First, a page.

Thus it was that Thorin Oakenshield and his party were each given a message by the innkeeper of the Green Dragon to leave their luggage in the rooms Gandalf had booked in Thorin’s name, and then to go to a place called Bag End (directions from the innkeeper) up the Hill, where’d they find a sign on the door, to take their instruments, and not to be late. Each Dwarf made sure that he had put on his best detachable party hood when he freshened up, that his instrument (two clarinets, two fiddles, two viols, three flutes, a horn, Thorin’s harp in its green bag, and Bombur’s drum) was either in tune or polished, before he set out.

And as Bilbo would later record in his book, after the tea that stretched beyond High Tea into supper and the washing-up that so alarmed him, the Dwarves adjourned to his parlor:

It was a beautiful golden harp, and when Thorin struck it, the music began all at once, so sudden and sweet that Bilbo forgot everything else, and was swept away into dark lands under strange moons, far over the Water and very far from his hobbit-hole under The Hill.

The dark came into the room from the little window that opened in the side of The Hill; the firelight flickered – it was April – and still they played on, while the shadow of Gandalf’s beard wagged against the wall.

The dark filled all the room, and the fire died down, and the shadows were lost, and still they played on. And suddenly first one and then another began to sing as they played, deep-throated singing of the dwarves in the deep places of their ancient homes; and this is like a fragment of their song, if it can be like their song without their music.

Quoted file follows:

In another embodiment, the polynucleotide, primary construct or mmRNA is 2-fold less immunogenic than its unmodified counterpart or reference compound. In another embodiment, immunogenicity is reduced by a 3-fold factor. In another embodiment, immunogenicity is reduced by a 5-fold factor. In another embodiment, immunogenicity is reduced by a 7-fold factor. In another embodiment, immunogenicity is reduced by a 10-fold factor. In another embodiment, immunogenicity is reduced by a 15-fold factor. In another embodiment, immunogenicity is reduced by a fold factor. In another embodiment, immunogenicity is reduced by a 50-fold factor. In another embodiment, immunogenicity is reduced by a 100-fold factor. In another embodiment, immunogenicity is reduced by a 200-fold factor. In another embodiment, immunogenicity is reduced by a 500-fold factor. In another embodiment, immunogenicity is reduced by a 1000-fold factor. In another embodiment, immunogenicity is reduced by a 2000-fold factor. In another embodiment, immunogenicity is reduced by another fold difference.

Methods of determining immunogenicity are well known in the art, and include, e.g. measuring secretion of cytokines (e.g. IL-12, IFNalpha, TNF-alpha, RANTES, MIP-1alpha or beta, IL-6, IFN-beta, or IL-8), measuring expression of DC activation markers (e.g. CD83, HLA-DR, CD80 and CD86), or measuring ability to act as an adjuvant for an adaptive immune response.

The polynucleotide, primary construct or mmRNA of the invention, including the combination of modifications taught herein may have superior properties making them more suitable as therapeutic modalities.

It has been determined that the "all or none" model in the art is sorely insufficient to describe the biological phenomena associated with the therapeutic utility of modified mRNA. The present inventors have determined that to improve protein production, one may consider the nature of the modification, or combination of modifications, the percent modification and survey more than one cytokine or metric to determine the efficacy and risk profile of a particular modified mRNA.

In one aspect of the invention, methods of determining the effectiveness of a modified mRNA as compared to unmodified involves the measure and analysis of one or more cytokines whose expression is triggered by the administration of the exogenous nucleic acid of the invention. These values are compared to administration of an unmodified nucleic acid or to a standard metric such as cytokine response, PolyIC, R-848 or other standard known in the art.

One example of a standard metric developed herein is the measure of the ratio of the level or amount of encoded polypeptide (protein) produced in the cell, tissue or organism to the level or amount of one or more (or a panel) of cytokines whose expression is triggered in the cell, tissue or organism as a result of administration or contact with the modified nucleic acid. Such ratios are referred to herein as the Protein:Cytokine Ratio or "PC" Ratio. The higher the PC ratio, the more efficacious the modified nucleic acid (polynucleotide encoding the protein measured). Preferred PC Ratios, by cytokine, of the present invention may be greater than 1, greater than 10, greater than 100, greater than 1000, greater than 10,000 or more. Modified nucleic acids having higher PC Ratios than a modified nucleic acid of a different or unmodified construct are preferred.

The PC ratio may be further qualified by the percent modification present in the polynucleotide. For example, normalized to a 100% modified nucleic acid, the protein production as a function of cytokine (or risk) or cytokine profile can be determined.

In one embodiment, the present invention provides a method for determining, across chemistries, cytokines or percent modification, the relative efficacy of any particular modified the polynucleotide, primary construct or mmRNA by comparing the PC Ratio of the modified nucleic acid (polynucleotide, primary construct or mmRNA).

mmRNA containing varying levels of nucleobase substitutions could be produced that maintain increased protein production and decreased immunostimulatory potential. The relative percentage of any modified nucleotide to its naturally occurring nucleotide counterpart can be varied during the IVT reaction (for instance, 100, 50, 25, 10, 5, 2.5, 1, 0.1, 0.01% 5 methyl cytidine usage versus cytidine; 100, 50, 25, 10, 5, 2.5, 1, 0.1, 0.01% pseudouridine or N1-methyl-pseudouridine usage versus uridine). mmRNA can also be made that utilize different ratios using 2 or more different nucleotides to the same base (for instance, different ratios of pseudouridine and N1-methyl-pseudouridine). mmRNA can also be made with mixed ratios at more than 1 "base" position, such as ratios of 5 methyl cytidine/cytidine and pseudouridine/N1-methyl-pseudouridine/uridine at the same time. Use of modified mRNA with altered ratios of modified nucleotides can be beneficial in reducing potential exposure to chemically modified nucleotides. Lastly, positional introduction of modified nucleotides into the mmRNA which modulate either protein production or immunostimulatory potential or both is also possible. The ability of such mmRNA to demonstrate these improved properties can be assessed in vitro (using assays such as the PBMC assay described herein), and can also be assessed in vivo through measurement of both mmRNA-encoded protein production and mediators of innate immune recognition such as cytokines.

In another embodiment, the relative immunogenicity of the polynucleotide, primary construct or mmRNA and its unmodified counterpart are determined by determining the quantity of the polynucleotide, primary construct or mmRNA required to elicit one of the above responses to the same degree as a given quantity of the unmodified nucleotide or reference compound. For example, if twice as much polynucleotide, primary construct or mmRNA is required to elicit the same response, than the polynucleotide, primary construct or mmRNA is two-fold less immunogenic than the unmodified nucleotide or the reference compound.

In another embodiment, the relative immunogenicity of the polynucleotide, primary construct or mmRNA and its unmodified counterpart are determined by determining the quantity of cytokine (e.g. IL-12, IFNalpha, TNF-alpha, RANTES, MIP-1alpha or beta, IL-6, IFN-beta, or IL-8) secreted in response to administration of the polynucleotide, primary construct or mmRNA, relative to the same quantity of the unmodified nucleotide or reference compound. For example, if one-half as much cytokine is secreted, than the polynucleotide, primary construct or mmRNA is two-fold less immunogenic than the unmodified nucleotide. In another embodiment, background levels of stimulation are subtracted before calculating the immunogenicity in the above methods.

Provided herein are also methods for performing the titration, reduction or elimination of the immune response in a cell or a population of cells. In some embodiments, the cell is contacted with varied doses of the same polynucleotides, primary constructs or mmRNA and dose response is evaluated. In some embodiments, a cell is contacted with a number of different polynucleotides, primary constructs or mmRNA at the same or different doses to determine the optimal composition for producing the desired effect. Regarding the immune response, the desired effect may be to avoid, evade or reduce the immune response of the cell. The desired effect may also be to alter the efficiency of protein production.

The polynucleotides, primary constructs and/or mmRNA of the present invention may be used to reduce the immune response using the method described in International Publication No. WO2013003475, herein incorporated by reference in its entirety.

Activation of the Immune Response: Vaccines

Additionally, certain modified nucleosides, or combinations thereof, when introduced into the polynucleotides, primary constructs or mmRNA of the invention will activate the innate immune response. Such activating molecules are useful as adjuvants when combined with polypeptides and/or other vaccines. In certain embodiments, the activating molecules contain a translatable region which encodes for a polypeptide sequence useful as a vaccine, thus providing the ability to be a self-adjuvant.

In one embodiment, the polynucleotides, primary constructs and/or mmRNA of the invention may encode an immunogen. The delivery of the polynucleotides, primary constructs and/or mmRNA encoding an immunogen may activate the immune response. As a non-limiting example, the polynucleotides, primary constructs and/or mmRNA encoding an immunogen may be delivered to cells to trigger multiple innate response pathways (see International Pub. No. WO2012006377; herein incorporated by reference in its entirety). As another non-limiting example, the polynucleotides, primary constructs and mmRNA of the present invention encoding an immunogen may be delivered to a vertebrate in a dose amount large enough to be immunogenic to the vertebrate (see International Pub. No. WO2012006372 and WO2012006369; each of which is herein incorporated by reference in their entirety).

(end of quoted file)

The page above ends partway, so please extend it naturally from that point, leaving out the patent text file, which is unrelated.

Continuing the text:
Far over the misty mountains cold
To dungeons deep and caverns old
We must away ere break of day
To seek the pale enchanted gold….

…As they sang the hobbit felt the love of beautiful things made by hands and by cunning and by magic moving through him, a fierce and a jealous love, the desire of the hearts of dwarves. Then something Tookish woke up inside him, and he wished to go and see the great mountains, and hear the pine-trees and the waterfalls, and explore the caves, and wear a sword instead of a walking-stick. The stars were out in a dark sky above the trees. He thought of the jewels of the dwarves shining in the dark caverns. Suddenly in the wood beyond the Water a flame leapt up – probably somebody lighting a wood-fire – and he thought of plundering dragons settling on his quiet Hill and kindling it all to flames…..


(1) tween—The Hobbit stages of life are: babes, faunts (what we’d call toddlers and little children), lads and lasses (teens), tweens (ages 20-32), Hobbits and Hobbitesses (fully adult, 33 and more). This, by the way, is why Pippin is in such trouble with his family when they get back, because he was a tween and ran away without permission.